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Sainsbury’s Share Price Sits and Waits. What Next?

Chester, UK: Aug 6, 2018: The Sainsbury's Local logo on a sign above their store in the centre of Chester

Sainsbury’s share price has been in a tight range in the past few days as the momentum about its acquisition has waned. The SBRY share price is also reacting to the strong UK recovery and the ongoing supply shortages in the country. It is trading at 295p, where it has been in the past few weeks.

Why has Sainsbury lagged? 

Sainsbury’s share price rose sharply in September as investors started pricing in a potential bid for the company. This happened as a bidding war of Morrison’s, the third biggest competitor continued. The bidding ended two weeks ago when the company went through an auction. 

At the time, analysts believed that the bidding war could push more foreign investors like Fortress to make a bid for the company. Besides, the company was willing to pay a premium for Morrison’s. While the private equity company might still launch a bid for the company, it has not yet done so. This explains why the share price has been in a tight range recently. 

Sainsbury’s share price has stagnated because of the current energy crisis in the UK and the supply shortages. The company will is being affected by the crisis in several ways. For example, it will need to pay more energy costs in the third and fourth quarters than what it did in the first half of the year. At the same time, the firm is experiencing lost sales as some of its petrol stations lack inventories.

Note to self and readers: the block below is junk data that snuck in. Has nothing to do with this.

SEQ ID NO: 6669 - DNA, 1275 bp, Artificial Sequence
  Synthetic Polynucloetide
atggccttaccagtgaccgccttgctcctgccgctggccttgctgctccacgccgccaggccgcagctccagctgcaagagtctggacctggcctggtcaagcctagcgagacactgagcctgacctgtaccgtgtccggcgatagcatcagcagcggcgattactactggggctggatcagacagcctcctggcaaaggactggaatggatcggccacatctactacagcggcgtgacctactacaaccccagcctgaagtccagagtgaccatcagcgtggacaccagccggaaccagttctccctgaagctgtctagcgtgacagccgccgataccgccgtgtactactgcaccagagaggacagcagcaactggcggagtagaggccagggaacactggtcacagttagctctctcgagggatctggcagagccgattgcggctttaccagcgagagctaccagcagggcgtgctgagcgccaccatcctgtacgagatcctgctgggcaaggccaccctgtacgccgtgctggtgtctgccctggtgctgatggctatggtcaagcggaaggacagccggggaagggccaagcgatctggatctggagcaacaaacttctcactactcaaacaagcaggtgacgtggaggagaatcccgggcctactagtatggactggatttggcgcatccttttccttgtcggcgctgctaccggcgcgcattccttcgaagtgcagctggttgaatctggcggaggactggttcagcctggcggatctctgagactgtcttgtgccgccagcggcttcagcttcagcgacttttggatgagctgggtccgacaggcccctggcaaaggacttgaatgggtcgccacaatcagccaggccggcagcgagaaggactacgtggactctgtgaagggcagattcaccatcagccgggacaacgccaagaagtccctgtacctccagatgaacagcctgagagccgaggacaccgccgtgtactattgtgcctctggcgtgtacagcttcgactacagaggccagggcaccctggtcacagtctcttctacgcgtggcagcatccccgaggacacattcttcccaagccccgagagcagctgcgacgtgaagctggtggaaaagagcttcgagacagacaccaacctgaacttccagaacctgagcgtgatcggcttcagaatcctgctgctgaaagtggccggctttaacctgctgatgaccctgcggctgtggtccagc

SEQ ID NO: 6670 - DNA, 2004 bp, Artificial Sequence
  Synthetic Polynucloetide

Meanwhile, the shortage of products has left some of its shelves empty. The situation could worsen as the Brexit situation get worse. The UK has demanded fresh negotiations about the Northern Ireland situation. Still, there are some positive signs. For example, in a statement last week, Tesco said that it was seeing more demand, which pushed it to upgrade its forward guidance. 

Sainsbury’s share price forecast 

The daily chart shows that the Sainsbury’s share price has been in a tight range recently. The stock has found a strong support slightly above the 25-day and 50-day moving averages. 

Another notable thing is that the shares have formed a head and shoulders pattern, which is usually a bearish signal. The neckline of this pattern is at around 280p.

Therefore, there is a likelihood that the SBRY share price will break out lower as because of the head and shoulders pattern. If this happens, the key level to watch is the support at 255p, which was the highest level on January 27.

On the flip side, a move above the key resistance at 300p will invalidate the bearish view. 

Sainsbury's share price